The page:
Motor efficiency and IE3Follow article
Here is an interesting fact, of all the electricity used in industry nearly 70% is consumed by Electric Motors.
Hopefully the above fact is reason enough to understand why there is a major focus on improving motor efficiency worldwide.
Today IE3 motors provide premium efficiency and are helping to reduce CO2 levels each year.
For improved efficiency read, less energy cost and less impact on the environment. A double win.
There are a number of ways to improve motor efficiency, for example simply ensuring you do not oversize or run continuously when not required.
But installation of motor control devices including; star-delta starters, soft starters and variable speed drives are mostly thought of when improving efficiency.
The last example of using a variable speed drive will ultimately improve efficiency and give greater control of the motor with the added benefit of extending the life of the motor and all transmission drives and components. If you are looking to reduce energy cost, together with greater control and maintenance downtime then a VSD is something to seriously consider.
Graph illustrates that with VSD control a fan running at 80% speed uses 50% less power than with DOL starting
Another reason to look at VSD control is the next step in the ErP Directive
"By January 2017 all 2, 4 and 6 pole single speed, three-phase induction motors from 0.75kW to 375 kW rated to 1000 Volts placed on the market will need to be IE3 efficiency rated".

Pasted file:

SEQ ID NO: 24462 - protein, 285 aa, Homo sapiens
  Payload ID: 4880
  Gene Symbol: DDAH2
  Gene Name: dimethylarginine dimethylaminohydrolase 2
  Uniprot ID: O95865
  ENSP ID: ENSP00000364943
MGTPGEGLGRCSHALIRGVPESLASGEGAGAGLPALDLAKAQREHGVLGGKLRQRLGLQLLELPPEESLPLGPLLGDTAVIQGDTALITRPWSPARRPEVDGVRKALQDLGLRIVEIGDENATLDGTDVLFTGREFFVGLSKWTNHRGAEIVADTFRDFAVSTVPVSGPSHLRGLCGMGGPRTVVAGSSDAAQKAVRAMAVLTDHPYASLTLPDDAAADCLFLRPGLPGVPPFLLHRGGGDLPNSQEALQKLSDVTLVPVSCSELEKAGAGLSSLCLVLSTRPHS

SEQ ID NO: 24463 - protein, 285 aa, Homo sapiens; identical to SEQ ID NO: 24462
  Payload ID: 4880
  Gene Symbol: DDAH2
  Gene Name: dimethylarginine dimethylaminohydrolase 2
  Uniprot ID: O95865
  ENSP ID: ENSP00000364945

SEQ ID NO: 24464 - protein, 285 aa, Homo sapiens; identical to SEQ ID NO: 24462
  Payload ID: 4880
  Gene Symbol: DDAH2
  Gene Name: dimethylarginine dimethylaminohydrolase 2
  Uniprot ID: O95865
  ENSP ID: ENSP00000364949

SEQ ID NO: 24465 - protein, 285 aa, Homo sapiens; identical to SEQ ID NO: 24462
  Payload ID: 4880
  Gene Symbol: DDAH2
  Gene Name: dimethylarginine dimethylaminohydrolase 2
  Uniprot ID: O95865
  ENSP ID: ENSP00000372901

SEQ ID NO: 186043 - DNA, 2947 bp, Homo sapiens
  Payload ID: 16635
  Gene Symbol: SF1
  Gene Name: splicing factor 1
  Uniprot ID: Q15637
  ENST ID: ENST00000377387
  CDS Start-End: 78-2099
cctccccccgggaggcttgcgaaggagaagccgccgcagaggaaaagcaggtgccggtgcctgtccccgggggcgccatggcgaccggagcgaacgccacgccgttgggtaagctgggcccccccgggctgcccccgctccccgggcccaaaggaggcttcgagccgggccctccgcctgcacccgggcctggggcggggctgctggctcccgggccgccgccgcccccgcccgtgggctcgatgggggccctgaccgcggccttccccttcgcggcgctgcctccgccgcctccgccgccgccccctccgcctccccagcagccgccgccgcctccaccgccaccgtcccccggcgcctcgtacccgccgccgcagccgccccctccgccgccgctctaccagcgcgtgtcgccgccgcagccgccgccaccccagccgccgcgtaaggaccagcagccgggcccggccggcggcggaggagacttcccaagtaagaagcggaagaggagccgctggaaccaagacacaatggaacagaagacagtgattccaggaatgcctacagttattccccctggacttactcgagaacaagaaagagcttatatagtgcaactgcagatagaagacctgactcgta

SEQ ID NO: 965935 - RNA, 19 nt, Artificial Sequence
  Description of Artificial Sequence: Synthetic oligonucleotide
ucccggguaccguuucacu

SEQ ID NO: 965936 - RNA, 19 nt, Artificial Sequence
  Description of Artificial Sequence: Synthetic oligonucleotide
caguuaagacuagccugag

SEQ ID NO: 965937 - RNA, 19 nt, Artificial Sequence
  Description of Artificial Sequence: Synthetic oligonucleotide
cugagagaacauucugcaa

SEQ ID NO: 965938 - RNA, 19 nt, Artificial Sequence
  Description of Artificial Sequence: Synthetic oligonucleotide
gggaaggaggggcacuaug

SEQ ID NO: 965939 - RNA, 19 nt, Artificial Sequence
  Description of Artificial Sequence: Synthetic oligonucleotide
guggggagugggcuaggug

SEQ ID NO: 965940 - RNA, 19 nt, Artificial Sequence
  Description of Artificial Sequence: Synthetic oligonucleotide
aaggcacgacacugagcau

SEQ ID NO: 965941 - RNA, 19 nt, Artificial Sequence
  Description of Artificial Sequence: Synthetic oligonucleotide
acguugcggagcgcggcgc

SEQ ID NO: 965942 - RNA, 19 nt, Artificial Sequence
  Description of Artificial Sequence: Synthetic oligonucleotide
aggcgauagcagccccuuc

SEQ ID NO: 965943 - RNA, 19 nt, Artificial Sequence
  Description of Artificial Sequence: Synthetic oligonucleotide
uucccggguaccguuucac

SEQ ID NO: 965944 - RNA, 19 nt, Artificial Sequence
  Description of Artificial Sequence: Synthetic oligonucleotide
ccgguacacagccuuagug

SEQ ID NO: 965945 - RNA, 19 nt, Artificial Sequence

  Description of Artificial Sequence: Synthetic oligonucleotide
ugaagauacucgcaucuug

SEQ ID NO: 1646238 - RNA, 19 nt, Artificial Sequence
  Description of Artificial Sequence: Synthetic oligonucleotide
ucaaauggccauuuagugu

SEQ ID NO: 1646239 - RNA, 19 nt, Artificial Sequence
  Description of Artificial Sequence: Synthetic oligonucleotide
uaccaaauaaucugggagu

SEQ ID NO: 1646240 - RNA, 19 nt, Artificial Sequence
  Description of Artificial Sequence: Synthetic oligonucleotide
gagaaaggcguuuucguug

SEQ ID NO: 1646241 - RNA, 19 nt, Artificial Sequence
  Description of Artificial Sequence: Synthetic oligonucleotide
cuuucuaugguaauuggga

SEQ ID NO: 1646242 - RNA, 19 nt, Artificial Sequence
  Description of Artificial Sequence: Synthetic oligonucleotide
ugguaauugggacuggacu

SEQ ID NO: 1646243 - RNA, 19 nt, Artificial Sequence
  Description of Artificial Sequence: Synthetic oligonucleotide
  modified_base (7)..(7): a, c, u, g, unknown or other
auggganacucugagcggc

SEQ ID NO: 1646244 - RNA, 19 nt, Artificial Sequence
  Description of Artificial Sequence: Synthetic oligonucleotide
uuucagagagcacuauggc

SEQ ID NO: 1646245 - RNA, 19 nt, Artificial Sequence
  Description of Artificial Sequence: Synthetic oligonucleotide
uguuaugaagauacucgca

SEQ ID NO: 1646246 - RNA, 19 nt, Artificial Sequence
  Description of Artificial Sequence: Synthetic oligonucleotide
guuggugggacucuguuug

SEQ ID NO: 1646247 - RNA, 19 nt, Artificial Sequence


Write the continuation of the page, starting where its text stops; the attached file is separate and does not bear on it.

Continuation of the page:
Let's go back a little
Since January 1st 2015 placing an IE2 motor in the range of 7.5kW - 375kW on the market has required that a variable speed drive must be fitted in order to upgrade the motor to an IE3 efficiency rating.
Prior to this the efficiency requirement in 2011 changed to IE2 for the range of 0.75kW - 375kW,
Move forward a little
In January 2017 the efficiency for the 0.75kW - 375kW range will be IE3, thus closing the gap in the 0.75kW - 7.5kW range. Again any IE2 motor placed on the market from January 2017 must have a variable speed drive fitted in order to make the IE3 efficiency rating.
Wouldn't it be easier to simply exchange an IE2 for an IE3 motor?
Sometimes the cost of doing so may be more expensive than installing a VSD to an exisiting system fitted with IE2 motors. However if you are using IE3 motors fitting a VSD is still a strong recommendation. Regardless of whether IE2 or IE3 are installed, VSD's in combination ultimately lead to greater energy savings, improved motor control and less maintenance cost due to less stress and loading of the drive train and components.
What you may also need to consider
Higher efficiency motors have higher inductance due to reduced copper losses, this means the motor starting currents would be higher (you can install motor control to reduce starting currents), so it's import to ensure the switchgear such as; contactors, circuit breakers and the like are capable of handling the increase, if not these may need to be changed.
For drives and switchgear check supplier links below